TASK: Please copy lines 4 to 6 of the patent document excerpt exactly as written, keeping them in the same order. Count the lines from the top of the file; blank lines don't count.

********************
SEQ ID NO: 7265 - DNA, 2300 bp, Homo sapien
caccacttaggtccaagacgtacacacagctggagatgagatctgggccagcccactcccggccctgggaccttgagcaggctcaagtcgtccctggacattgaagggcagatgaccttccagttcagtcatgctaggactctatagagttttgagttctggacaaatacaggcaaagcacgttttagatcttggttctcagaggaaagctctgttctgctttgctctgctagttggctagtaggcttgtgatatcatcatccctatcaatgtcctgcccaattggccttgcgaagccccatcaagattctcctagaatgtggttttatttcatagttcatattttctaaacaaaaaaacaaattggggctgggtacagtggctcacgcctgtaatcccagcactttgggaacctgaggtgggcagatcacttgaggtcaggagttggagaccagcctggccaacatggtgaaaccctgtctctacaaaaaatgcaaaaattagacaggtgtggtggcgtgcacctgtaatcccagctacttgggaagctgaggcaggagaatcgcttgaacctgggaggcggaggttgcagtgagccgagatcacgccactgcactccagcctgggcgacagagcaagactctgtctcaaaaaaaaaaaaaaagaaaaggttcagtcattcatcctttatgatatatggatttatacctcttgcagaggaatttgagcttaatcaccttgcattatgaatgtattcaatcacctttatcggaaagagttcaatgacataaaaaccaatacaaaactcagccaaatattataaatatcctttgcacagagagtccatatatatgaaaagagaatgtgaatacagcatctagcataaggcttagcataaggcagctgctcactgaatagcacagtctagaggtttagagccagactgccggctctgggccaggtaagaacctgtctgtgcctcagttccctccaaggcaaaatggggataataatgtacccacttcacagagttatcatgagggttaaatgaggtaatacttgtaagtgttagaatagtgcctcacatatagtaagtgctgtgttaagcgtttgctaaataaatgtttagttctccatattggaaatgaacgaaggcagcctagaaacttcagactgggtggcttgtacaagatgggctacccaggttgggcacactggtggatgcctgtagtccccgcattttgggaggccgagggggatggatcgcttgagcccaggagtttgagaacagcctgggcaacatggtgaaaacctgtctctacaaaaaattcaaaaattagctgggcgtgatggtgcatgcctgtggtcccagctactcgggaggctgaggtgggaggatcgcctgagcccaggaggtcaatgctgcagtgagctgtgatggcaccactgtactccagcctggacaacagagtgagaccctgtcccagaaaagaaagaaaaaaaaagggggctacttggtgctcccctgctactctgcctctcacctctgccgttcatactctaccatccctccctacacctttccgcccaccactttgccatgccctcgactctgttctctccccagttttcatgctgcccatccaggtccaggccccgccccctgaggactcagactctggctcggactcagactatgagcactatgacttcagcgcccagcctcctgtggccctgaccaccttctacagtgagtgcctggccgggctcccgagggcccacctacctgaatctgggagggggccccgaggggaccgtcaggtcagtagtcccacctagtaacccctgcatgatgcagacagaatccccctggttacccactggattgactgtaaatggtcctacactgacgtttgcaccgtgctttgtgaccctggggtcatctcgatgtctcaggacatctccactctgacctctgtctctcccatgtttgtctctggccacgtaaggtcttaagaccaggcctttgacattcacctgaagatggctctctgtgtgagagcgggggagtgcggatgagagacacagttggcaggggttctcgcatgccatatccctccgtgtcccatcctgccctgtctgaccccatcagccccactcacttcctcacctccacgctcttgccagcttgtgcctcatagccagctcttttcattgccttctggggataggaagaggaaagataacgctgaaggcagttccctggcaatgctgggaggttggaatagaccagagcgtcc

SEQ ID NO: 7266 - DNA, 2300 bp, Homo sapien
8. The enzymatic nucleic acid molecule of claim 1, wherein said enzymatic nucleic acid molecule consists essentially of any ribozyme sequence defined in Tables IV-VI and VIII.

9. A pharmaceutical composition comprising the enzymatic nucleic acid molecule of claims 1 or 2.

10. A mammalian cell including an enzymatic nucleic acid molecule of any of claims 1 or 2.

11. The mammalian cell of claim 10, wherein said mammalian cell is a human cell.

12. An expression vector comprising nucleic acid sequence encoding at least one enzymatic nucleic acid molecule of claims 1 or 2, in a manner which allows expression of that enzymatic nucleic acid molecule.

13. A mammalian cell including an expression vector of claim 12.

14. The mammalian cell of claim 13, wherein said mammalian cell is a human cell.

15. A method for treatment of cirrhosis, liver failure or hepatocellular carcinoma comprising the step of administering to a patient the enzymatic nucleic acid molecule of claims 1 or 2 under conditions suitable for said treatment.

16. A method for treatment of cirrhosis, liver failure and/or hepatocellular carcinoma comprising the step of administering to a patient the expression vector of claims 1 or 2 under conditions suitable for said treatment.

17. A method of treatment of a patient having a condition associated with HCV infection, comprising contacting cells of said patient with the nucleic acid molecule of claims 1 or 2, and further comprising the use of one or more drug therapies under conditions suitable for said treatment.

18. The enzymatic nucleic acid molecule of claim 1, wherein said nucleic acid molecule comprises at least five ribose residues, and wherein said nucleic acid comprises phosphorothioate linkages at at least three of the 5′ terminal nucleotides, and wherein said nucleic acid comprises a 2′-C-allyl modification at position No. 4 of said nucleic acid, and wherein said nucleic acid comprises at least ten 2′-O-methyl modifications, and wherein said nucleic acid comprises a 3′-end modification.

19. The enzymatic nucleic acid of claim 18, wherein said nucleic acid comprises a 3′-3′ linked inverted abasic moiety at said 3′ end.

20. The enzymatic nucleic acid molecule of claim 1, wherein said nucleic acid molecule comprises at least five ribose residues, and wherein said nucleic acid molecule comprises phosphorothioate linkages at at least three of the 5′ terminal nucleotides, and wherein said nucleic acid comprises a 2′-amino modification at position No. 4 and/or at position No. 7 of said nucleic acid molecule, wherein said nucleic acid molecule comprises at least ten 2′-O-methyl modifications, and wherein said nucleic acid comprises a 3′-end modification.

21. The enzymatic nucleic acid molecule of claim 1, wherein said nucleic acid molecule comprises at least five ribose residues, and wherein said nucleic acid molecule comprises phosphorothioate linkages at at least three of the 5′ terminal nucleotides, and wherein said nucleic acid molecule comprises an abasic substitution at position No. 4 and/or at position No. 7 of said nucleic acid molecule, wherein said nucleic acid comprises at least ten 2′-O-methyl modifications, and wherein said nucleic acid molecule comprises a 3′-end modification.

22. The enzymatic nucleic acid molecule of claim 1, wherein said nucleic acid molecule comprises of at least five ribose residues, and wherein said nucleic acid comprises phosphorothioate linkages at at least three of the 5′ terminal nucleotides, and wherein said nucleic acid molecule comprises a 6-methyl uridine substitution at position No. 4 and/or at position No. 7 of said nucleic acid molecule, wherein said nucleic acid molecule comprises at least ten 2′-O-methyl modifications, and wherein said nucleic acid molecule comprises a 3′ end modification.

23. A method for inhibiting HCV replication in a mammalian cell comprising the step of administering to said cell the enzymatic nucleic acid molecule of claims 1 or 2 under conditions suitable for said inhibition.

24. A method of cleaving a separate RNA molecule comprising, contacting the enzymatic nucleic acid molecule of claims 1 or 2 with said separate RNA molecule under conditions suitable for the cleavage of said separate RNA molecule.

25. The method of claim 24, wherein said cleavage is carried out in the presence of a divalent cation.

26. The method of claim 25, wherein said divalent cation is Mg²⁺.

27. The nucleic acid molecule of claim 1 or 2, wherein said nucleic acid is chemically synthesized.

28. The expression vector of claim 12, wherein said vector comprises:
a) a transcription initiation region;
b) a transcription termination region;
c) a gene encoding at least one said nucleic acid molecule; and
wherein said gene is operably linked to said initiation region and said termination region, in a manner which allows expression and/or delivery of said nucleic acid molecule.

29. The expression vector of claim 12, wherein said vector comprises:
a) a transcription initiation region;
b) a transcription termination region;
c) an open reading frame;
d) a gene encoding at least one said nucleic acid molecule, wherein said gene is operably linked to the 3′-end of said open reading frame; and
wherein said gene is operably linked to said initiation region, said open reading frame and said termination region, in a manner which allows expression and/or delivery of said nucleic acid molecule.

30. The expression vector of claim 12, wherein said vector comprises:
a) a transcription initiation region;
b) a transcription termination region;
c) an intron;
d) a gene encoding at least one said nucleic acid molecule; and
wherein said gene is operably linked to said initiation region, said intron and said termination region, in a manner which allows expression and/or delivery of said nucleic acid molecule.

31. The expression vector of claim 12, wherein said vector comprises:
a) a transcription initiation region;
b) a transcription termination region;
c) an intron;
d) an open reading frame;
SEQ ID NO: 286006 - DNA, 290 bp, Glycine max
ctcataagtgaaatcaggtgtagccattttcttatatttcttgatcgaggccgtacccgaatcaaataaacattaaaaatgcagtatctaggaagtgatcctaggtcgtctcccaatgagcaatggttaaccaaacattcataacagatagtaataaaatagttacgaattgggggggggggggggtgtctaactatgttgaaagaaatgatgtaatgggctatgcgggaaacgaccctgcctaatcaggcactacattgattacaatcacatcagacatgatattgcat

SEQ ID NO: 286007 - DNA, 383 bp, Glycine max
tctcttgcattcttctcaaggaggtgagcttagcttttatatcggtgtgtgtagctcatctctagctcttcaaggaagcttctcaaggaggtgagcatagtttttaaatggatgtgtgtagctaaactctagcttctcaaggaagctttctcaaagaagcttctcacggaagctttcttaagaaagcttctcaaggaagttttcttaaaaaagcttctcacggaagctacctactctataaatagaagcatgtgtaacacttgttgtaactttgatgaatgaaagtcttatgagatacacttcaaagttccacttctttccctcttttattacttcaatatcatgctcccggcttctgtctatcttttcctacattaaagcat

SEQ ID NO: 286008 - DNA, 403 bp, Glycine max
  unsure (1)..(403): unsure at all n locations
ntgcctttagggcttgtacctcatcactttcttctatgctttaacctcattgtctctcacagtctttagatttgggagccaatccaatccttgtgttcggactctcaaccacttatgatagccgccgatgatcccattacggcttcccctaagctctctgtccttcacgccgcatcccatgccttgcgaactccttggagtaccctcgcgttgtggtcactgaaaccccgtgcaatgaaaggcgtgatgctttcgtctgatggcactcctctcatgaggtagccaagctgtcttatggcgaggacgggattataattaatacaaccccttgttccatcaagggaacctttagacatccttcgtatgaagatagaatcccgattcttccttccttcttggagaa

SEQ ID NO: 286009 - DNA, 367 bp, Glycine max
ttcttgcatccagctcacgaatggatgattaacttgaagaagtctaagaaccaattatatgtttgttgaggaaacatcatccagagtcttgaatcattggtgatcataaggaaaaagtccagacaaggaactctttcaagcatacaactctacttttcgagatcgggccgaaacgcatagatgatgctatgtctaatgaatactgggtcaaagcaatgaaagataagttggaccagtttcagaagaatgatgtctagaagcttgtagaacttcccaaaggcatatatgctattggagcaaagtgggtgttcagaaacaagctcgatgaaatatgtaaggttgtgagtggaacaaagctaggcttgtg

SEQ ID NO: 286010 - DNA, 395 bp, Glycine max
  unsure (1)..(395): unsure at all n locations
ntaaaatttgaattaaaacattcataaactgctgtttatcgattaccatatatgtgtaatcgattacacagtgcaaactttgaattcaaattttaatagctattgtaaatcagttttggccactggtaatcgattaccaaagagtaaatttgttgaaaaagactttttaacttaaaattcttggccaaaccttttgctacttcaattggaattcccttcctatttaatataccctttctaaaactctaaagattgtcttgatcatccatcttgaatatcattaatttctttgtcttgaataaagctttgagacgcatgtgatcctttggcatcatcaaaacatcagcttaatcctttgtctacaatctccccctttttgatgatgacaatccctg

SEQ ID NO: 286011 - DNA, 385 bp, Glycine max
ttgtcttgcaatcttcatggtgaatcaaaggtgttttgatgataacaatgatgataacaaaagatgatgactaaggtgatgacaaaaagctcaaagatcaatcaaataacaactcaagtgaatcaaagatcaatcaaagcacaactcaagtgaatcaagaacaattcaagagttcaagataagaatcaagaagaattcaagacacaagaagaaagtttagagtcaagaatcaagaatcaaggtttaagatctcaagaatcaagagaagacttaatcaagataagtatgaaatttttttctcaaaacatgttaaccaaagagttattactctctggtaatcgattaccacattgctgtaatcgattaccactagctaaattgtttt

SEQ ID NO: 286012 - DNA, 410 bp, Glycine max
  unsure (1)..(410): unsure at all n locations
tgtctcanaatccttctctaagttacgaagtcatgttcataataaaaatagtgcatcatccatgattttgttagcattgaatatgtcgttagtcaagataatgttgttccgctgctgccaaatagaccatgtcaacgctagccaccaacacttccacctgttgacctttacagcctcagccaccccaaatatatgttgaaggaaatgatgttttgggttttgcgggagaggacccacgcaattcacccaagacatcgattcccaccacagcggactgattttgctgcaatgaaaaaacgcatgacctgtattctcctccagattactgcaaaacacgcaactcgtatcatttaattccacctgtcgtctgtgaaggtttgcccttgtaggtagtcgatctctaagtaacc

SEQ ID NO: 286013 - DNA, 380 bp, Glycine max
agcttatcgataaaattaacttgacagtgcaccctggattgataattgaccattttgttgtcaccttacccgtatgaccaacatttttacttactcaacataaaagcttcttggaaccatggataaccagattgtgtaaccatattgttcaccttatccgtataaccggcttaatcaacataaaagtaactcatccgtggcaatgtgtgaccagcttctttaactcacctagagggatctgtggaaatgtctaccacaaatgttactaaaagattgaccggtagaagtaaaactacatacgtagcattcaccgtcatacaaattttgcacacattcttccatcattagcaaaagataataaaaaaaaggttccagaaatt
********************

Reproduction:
8. The enzymatic nucleic acid molecule of claim 1, wherein said enzymatic nucleic acid molecule consists essentially of any ribozyme sequence defined in Tables IV-VI and VIII.

9. A pharmaceutical composition comprising the enzymatic nucleic acid molecule of claims 1 or 2.

10. A mammalian cell including an enzymatic nucleic acid molecule of any of claims 1 or 2.